“There were lots of experiments,” Berdes recalls. “That’s when we learned that falling flat on your face qualifies as moving forward.”
But while Craft3 did lots of transactions during its first five years, it did not affect change.
“We spread the butter very, very thin, and we did not link those opportunities to each other,” Berdes says, explaining why, in 2000, the fund switched from being “opportunistic” to “strategic.” With a new focus on “density of outcomes,” the idea was that impact compounds if investments are concentrated–geographically. Craft3 chose Astoria, Oregon, the center of the regional rural economy.
“You strengthen centers so markets can function,” he says. “If you concentrate outcomes, they connect—and they amplify. Centers draw people in, and while people engage in economic activity, they also engage in civic activity.”
A small coastal town at the mouth of the Columbia River that separates Oregon and Washington, Astoria was the first white settlement west of the Mississippi–a fur trading post established in 1811 by John Jacob Aster of New York. In the mid-1990s, it was home to the worst brown-field site in the state: 17 acres of greasy, dead pond, the remains of a plywood mill. The state offered matching funds to clean it up, but no bank would touch the deal. In 1996, Craft3 had jumped in, risking the equivalent of 30% of its start-up capital.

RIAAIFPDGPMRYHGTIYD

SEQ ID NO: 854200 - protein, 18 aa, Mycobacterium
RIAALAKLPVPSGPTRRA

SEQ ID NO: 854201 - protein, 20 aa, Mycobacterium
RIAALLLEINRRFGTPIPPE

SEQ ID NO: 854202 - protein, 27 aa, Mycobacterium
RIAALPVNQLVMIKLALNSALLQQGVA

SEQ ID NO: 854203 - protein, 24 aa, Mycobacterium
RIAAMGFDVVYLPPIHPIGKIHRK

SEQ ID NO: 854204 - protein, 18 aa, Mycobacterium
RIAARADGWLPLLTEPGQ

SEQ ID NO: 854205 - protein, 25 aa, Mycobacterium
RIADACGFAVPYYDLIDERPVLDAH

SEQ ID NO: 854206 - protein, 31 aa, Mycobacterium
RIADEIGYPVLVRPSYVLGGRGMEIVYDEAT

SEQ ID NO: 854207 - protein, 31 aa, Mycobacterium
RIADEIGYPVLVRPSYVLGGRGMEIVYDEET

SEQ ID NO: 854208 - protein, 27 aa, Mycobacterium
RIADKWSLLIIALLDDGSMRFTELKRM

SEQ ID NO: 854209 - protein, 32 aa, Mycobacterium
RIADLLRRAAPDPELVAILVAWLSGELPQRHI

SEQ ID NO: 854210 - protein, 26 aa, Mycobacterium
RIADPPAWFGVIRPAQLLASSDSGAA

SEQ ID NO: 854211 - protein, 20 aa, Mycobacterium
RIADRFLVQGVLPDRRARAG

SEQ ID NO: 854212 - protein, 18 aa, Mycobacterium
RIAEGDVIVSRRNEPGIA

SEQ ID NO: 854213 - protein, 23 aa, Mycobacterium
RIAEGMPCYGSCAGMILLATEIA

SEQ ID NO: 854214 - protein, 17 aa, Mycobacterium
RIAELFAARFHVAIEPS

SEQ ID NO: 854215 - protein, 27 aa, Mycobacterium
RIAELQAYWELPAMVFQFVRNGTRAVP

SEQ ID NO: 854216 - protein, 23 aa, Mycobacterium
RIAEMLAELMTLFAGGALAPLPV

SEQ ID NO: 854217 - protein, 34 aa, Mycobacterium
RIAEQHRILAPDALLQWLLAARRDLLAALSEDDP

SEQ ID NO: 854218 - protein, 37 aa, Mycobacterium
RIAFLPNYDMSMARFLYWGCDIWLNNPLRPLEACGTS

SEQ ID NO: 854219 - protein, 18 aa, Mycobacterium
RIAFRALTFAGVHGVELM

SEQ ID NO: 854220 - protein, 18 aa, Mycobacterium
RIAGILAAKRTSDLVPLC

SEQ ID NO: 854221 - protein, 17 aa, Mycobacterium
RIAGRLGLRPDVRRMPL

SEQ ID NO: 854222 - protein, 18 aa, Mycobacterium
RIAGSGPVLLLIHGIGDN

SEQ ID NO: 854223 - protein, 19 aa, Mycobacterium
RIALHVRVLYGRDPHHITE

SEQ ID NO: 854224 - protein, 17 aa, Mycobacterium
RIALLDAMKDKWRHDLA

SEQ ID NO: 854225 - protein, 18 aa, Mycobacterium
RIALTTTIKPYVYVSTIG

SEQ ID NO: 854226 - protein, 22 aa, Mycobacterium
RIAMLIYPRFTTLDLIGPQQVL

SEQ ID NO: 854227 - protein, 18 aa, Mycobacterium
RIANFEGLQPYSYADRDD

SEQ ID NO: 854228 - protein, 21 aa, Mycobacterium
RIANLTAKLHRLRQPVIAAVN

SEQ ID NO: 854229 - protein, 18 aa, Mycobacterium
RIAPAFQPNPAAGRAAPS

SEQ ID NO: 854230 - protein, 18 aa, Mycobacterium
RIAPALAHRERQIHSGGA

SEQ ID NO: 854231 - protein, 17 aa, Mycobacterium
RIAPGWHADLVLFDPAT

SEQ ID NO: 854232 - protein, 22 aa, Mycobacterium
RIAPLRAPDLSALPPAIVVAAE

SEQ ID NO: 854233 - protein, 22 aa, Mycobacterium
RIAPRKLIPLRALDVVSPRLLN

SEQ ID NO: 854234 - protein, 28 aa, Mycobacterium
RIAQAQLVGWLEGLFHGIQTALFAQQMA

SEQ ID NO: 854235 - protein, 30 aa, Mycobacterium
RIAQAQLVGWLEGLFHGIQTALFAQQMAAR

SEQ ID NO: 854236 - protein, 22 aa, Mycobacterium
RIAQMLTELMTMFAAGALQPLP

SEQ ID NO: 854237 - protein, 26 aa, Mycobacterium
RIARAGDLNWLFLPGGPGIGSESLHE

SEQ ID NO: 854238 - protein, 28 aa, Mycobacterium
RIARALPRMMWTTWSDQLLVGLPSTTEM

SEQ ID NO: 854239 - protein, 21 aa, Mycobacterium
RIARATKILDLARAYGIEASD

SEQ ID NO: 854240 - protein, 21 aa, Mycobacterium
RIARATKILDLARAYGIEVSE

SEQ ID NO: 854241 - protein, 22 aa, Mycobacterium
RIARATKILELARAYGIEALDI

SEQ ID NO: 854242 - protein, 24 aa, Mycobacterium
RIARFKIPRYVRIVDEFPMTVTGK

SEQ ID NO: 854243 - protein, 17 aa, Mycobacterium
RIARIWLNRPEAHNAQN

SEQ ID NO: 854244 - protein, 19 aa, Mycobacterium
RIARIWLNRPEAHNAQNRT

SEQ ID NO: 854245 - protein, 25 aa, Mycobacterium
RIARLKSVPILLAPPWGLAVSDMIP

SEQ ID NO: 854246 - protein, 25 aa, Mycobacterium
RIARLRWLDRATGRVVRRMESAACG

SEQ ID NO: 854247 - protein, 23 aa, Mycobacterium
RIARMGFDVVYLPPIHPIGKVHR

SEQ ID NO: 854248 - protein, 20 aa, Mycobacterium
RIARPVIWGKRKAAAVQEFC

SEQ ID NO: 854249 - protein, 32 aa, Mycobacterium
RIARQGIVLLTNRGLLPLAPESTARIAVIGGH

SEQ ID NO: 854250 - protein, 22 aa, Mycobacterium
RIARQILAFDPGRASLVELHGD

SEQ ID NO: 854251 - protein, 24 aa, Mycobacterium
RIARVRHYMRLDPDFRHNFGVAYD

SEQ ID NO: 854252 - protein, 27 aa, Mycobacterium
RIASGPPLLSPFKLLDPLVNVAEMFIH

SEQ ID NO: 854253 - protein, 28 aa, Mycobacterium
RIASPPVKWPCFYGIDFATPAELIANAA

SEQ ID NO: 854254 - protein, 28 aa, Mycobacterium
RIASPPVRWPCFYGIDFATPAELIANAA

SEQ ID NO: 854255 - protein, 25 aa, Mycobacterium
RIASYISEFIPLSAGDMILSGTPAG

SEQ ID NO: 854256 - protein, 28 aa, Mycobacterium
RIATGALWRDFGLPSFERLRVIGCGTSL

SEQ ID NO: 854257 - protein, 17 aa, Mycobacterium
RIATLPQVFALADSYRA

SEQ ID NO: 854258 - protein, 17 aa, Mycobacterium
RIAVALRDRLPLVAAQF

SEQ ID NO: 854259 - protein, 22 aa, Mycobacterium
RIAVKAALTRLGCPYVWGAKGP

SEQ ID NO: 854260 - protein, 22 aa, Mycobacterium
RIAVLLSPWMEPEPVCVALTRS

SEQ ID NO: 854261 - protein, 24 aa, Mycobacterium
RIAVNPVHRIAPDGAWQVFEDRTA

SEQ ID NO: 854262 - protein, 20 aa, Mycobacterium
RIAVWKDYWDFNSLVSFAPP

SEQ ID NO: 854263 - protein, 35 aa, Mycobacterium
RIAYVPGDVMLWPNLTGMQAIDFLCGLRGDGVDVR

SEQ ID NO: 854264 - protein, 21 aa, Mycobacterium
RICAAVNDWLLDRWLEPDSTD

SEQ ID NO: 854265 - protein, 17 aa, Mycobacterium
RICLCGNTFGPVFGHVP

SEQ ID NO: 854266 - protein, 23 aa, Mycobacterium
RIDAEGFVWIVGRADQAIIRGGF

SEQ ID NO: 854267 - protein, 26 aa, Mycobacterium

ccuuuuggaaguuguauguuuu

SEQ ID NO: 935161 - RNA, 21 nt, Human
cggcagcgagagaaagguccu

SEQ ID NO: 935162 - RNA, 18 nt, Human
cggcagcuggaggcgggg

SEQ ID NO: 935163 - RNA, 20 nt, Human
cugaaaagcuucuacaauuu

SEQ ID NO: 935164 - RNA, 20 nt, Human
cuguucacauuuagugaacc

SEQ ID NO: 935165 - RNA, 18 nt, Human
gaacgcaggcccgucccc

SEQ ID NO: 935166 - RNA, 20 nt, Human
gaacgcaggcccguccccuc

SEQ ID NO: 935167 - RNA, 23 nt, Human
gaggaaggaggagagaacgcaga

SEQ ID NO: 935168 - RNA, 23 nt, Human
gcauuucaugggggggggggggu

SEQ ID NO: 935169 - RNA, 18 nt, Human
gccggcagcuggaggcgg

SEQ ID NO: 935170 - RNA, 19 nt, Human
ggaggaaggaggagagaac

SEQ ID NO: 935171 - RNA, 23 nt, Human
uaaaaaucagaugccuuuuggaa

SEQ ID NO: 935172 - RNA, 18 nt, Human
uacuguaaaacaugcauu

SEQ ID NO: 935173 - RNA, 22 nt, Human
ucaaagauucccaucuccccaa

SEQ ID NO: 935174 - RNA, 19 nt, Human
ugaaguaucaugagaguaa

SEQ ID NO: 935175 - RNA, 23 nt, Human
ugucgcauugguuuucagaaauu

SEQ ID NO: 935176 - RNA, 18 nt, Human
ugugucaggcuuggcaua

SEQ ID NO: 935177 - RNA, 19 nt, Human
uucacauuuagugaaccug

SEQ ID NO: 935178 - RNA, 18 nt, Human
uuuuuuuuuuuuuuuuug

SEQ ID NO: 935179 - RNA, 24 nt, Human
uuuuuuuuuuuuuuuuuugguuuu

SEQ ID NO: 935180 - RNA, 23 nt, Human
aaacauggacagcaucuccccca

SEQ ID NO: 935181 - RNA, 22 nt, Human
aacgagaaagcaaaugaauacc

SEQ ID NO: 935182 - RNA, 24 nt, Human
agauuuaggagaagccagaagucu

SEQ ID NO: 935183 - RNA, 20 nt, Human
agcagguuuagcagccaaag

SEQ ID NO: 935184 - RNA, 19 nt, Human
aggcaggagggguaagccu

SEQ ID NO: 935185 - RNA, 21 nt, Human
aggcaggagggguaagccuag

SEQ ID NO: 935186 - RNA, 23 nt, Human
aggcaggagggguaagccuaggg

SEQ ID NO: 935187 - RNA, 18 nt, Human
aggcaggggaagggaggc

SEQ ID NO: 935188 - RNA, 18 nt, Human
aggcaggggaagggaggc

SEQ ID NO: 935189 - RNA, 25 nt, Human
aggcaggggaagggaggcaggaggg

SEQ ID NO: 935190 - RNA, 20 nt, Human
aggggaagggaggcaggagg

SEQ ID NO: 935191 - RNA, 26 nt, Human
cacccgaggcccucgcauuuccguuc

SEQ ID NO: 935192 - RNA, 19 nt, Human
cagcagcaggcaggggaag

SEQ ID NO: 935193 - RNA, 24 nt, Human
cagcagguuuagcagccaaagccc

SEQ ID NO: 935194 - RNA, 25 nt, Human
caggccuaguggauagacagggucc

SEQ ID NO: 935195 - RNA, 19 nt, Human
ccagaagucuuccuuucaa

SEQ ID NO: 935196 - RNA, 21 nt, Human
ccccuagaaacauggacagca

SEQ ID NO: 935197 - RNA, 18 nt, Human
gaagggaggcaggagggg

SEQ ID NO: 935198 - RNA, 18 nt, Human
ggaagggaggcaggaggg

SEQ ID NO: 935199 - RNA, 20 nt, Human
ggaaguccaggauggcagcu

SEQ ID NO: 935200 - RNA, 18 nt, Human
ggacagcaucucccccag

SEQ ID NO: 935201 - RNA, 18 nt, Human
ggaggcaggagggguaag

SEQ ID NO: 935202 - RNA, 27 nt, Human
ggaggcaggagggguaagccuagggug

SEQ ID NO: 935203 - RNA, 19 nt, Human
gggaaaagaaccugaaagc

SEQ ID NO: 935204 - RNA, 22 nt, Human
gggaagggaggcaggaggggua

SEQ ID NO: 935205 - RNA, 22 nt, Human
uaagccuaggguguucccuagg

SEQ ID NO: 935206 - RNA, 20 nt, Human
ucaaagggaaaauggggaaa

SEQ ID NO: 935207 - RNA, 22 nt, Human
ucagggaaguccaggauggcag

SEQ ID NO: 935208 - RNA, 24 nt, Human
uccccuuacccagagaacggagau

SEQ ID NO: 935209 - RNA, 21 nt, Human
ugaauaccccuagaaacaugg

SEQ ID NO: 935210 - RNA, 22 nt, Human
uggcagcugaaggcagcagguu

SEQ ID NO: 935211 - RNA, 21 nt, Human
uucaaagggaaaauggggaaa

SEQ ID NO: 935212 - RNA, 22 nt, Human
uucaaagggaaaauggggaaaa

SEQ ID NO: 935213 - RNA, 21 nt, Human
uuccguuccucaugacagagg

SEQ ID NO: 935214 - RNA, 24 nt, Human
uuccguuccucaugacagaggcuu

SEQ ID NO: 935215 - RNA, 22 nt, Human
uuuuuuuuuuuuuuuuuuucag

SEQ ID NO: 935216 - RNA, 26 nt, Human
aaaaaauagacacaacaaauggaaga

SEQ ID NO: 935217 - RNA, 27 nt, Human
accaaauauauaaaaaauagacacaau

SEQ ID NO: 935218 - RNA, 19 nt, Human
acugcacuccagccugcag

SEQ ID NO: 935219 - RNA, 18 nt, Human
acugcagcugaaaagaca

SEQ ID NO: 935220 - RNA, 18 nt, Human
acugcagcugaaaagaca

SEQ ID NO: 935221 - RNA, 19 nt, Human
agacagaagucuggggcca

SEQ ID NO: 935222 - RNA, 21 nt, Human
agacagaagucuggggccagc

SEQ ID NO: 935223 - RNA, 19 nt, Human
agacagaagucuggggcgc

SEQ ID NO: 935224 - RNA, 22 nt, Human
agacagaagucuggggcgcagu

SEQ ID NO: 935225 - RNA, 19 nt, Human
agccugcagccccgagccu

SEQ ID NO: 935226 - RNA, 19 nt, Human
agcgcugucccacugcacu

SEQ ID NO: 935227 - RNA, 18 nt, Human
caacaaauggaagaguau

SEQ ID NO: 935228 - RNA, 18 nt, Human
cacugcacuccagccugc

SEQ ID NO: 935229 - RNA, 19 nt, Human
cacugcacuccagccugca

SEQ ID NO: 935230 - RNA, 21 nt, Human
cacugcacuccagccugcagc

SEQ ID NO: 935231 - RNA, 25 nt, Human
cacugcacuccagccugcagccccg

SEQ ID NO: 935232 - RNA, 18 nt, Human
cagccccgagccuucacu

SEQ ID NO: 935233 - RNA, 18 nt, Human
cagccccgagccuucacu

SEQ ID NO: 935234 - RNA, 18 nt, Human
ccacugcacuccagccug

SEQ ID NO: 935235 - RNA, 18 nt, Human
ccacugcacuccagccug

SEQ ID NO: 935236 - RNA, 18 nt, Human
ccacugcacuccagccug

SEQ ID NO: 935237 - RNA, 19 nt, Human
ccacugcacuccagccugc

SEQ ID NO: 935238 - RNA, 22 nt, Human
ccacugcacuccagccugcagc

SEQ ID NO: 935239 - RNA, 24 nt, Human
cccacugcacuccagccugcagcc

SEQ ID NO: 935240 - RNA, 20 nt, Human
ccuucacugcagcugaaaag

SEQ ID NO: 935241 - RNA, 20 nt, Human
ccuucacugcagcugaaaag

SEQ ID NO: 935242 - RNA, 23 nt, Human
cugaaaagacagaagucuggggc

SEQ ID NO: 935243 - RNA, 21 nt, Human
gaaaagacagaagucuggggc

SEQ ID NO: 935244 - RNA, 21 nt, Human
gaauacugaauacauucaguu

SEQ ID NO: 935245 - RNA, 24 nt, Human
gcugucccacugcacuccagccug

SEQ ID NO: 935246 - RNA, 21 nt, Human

“We ended up helping the City position and market the site to the ultimate (and amazing) developer Art DeMuro of Venerable Properties, ” Berdes says, explaining how the CDFI recovered its cash 18 months later.
It was the beginning of Astoria’s remarkable revitalization.
How did Craft3’s strategic focus play out? It meant that rather than investing in a 2-year college in neighboring Pacific County, in Washington state, where there is not enough population to support it, it provided the financing to Clatsop Community College in Astoria. Students living in Pacific County can get in-state tuition.
In Astoria, Craft3 also financed specialty medical offices, a bigger public radio station, Mary Todd’s Workers Tavern and the Fort George Brewery. The list goes on and on, but these investments did not include displacing the town’s heritage and traditions with tourist town superficiality.
“Astoria is authentic and not Disney,” Berdes says. “This revitalization honors the balance between pretty and gritty. A cruise ship with 2000 passengers will dock amidst a log yard and sit next to an ocean going log carrier.”
Moving Beyond Red-Blue